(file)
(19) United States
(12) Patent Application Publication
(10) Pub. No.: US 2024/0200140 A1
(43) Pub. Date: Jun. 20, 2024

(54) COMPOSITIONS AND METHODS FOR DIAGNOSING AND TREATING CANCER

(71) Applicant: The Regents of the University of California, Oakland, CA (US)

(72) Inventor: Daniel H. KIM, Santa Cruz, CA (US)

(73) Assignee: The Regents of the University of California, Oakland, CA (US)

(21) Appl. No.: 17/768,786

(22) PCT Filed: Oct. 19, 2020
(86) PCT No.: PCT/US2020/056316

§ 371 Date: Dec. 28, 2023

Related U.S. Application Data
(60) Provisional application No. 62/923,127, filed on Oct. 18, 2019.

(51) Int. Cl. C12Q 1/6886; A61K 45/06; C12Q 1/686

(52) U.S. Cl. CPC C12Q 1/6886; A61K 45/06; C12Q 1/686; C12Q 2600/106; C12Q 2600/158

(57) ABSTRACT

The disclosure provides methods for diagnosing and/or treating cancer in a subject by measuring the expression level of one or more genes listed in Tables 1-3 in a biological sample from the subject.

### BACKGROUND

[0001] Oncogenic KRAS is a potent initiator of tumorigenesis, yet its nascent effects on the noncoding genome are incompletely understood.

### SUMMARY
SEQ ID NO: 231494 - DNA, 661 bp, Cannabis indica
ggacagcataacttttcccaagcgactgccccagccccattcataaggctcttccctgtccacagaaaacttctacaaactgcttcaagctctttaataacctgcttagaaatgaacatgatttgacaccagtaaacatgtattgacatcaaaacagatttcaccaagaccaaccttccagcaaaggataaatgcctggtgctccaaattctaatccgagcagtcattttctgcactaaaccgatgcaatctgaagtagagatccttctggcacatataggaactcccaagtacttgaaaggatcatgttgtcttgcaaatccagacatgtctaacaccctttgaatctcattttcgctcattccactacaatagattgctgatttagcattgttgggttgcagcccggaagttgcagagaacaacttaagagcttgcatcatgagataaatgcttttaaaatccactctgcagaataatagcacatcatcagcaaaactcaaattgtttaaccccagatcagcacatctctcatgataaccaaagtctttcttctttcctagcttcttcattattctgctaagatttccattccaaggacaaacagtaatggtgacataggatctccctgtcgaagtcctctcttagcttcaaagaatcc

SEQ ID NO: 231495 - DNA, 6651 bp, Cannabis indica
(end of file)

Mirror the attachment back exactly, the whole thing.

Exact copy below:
(19) United States
(12) Patent Application Publication
(10) Pub. No.: US 2024/0200140 A1
(43) Pub. Date: Jun. 20, 2024

(54) COMPOSITIONS AND METHODS FOR DIAGNOSING AND TREATING CANCER

(71) Applicant: The Regents of the University of California, Oakland, CA (US)

(72) Inventor: Daniel H. KIM, Santa Cruz, CA (US)

(73) Assignee: The Regents of the University of California, Oakland, CA (US)

(21) Appl. No.: 17/768,786

(22) PCT Filed: Oct. 19, 2020
(86) PCT No.: PCT/US2020/056316

§ 371 Date: Dec. 28, 2023

Related U.S. Application Data
(60) Provisional application No. 62/923,127, filed on Oct. 18, 2019.

(51) Int. Cl. C12Q 1/6886; A61K 45/06; C12Q 1/686

(52) U.S. Cl. CPC C12Q 1/6886; A61K 45/06; C12Q 1/686; C12Q 2600/106; C12Q 2600/158

(57) ABSTRACT

The disclosure provides methods for diagnosing and/or treating cancer in a subject by measuring the expression level of one or more genes listed in Tables 1-3 in a biological sample from the subject.

### BACKGROUND

[0001] Oncogenic KRAS is a potent initiator of tumorigenesis, yet its nascent effects on the noncoding genome are incompletely understood.

### SUMMARY
SEQ ID NO: 231494 - DNA, 661 bp, Cannabis indica
ggacagcataacttttcccaagcgactgccccagccccattcataaggctcttccctgtccacagaaaacttctacaaactgcttcaagctctttaataacctgcttagaaatgaacatgatttgacaccagtaaacatgtattgacatcaaaacagatttcaccaagaccaaccttccagcaaaggataaatgcctggtgctccaaattctaatccgagcagtcattttctgcactaaaccgatgcaatctgaagtagagatccttctggcacatataggaactcccaagtacttgaaaggatcatgttgtcttgcaaatccagacatgtctaacaccctttgaatctcattttcgctcattccactacaatagattgctgatttagcattgttgggttgcagcccggaagttgcagagaacaacttaagagcttgcatcatgagataaatgcttttaaaatccactctgcagaataatagcacatcatcagcaaaactcaaattgtttaaccccagatcagcacatctctcatgataaccaaagtctttcttctttcctagcttcttcattattctgctaagatttccattccaaggacaaacagtaatggtgacataggatctccctgtcgaagtcctctcttagcttcaaagaatcc

SEQ ID NO: 231495 - DNA, 6651 bp, Cannabis indica